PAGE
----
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Ableism is the discrimination against people with disabilities based on the believe that typical abilities are superior” – Access Living

Continuing the “Say This Instead” series that was highly popular last year, it’s time to talk about “ableist” language, which encompasses many different words, euphemisms, and phrases. The world wasn’t designed with people with disabilities in mind – society is inherently “ableist”. This means that the lens with which we view the world, the way that we communicate, and the structures that shape society pose challenges every day most of us don’t realize for people with disabilities. As we move toward a more inclusive society, we hold ourselves accountable for being more aware of these challenges so that we can remove how we contribute to them as individuals and institutions. One way is by eliminating ableist language in our communication.

It’s important to understand that disabilities can be physical and invisible.  You truly cannot tell what disability someone may have so it’s important to become more aware of the language that we use. We perpetuate ableism every day through our language.  Using disability language as metaphors like “They must be deaf,” “It’s like the blind leading the blind,” and “You’re so lame” makes light of disabilities that people live with daily. In addition, making light of mental illness and symptoms of actual psychiatric conditions in phrases such as “she’s crazy” or “He’s acting bipolar” shines a negative light on mental disability.

Say This Instead

Ableist metaphors are heavily used in our language, so it will take time and effort to correct. I’ve only recently removed “crazy” from my vocabulary myself.  Nevertheless, it is possible to change our behavior and language. Steer clear of using physical, invisible, or mental disability terms lightly and metaphorically, as these terms impact the lives of real people every day.  Be more accurate in your descriptions. Instead of calling someone “lame,” identify the specific issue that you are displeased with and approach the challenge with more accuracy and maturity.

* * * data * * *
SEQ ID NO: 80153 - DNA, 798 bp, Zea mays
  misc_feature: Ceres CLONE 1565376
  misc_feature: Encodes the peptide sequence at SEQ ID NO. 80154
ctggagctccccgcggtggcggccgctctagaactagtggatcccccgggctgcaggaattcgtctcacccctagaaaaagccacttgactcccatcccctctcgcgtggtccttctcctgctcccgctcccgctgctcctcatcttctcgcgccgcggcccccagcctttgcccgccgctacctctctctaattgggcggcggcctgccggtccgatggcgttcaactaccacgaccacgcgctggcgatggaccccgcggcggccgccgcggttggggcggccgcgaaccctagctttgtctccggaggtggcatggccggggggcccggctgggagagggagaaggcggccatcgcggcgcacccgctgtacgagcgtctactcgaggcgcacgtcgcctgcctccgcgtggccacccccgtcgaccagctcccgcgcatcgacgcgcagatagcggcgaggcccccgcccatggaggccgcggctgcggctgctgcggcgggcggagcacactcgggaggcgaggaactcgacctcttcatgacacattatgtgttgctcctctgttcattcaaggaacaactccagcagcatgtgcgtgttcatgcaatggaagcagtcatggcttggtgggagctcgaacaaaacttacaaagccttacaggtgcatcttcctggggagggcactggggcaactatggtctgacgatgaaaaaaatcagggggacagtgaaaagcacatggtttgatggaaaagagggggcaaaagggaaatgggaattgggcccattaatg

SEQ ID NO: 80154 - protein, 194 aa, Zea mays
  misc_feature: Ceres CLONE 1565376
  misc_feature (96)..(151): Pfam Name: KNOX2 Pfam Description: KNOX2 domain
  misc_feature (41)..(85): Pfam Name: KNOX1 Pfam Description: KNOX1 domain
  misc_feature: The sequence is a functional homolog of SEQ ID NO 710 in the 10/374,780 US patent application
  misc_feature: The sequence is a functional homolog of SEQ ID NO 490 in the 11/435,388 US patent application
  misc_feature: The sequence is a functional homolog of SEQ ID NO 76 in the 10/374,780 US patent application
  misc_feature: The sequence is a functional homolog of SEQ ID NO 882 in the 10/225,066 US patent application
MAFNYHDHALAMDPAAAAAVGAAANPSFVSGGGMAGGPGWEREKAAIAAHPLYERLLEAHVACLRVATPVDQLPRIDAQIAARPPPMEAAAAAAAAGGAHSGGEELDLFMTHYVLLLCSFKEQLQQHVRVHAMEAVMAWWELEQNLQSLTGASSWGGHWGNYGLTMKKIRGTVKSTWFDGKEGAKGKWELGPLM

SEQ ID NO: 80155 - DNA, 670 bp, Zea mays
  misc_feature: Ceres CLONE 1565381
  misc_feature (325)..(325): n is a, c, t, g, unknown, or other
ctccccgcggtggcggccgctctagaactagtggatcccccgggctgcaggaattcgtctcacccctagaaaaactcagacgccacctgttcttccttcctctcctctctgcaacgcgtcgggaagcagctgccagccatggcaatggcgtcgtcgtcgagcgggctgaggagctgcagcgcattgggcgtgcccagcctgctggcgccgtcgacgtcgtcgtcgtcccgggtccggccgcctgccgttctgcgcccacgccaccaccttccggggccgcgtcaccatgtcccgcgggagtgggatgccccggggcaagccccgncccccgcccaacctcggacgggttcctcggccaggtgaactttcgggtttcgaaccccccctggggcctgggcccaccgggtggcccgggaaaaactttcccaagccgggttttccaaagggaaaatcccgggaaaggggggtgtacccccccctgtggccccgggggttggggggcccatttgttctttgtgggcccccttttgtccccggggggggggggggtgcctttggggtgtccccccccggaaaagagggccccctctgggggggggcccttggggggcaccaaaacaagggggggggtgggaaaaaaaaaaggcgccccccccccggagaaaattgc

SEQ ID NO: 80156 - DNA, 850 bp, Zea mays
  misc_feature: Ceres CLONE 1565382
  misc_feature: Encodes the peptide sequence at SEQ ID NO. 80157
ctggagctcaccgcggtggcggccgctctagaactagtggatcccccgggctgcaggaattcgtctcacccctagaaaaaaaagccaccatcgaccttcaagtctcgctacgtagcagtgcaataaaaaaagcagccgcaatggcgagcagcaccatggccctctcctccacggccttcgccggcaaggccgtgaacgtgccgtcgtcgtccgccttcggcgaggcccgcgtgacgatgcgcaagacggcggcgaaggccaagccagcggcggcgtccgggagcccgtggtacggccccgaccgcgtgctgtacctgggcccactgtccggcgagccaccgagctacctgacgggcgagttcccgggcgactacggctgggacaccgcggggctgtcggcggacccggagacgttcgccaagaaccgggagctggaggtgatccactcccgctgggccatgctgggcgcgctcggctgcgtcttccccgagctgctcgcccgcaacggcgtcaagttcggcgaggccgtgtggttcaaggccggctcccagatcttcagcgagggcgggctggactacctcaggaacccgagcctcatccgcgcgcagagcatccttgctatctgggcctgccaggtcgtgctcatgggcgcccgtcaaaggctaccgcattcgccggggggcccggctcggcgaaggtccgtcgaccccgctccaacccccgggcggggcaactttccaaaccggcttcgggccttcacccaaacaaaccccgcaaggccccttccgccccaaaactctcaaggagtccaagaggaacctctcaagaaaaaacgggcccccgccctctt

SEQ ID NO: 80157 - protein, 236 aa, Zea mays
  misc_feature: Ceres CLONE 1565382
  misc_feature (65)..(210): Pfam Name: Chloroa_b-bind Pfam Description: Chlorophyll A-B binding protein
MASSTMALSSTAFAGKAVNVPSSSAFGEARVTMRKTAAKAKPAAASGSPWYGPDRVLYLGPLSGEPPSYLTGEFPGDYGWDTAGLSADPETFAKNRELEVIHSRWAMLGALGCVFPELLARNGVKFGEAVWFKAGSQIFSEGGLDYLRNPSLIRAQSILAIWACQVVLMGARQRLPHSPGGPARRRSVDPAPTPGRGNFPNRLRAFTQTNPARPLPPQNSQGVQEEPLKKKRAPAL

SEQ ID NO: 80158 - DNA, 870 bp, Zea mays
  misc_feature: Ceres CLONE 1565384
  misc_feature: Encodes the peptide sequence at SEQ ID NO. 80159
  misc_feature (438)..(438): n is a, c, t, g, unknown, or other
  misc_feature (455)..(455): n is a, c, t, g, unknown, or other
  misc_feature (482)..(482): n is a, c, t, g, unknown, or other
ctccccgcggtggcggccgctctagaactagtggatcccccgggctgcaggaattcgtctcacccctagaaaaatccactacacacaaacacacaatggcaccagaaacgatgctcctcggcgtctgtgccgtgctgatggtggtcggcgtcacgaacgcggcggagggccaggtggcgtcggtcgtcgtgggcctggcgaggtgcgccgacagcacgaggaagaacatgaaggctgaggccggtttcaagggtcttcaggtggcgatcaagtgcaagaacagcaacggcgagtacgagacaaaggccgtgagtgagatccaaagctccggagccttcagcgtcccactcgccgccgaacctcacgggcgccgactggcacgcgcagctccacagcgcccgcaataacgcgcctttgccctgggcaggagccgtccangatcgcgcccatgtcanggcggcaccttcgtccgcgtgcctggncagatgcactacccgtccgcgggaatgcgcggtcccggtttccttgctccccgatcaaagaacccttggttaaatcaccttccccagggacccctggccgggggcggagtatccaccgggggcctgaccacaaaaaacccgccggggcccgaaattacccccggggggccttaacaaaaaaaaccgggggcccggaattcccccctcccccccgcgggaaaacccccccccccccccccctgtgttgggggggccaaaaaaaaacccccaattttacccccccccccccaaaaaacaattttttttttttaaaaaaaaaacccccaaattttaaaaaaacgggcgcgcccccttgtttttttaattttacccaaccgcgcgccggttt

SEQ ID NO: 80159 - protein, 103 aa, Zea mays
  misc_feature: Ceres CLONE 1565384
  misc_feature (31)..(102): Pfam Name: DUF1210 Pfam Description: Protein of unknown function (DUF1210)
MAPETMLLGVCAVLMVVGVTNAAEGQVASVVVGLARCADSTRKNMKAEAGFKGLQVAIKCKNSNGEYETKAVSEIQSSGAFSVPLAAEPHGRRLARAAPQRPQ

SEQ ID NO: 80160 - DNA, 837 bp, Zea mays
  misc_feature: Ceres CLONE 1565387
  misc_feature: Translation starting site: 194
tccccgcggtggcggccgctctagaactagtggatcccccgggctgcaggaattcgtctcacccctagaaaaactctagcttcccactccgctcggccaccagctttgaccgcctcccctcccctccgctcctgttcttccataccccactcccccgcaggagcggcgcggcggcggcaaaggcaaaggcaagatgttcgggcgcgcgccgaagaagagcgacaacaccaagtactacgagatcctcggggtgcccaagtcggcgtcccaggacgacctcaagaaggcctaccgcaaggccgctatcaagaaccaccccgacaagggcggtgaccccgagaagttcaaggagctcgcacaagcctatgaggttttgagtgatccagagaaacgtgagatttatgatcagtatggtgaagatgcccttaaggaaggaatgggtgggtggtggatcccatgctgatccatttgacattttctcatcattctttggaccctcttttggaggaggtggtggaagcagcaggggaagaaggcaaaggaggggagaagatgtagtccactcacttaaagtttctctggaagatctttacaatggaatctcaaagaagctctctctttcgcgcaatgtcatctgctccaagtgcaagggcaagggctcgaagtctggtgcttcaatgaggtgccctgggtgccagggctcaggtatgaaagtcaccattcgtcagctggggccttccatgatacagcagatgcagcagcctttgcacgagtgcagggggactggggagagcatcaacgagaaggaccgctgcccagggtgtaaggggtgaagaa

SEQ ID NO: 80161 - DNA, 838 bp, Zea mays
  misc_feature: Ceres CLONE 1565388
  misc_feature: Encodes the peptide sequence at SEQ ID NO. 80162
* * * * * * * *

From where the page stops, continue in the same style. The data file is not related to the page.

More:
Keep this context top of mind in your daily conversations – eventually you can control and eliminate such references – and others will follow your lead. Consider discussing this at work to make your coworkers aware of the issue and practice at work. You might be surprised how quickly you can change.

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The Editor

Ngozi Okeh is an experienced leader with a history of driving efforts to conceptualize, define, assess and promote diversity, equity, and inclusion (DEI) as strategic business processes. Ngozi is currently the Director of DEI at a leading marketing technology company where she develops and executes enterprise-wide DEI initiatives through rigorous strategic planning efforts, community partnerships, leadership collaboration, strategy evaluation, and careful management of communication and buy-in as well as policies and procedures.  Previously, she worked at an independent mortgage bank, where… View Profile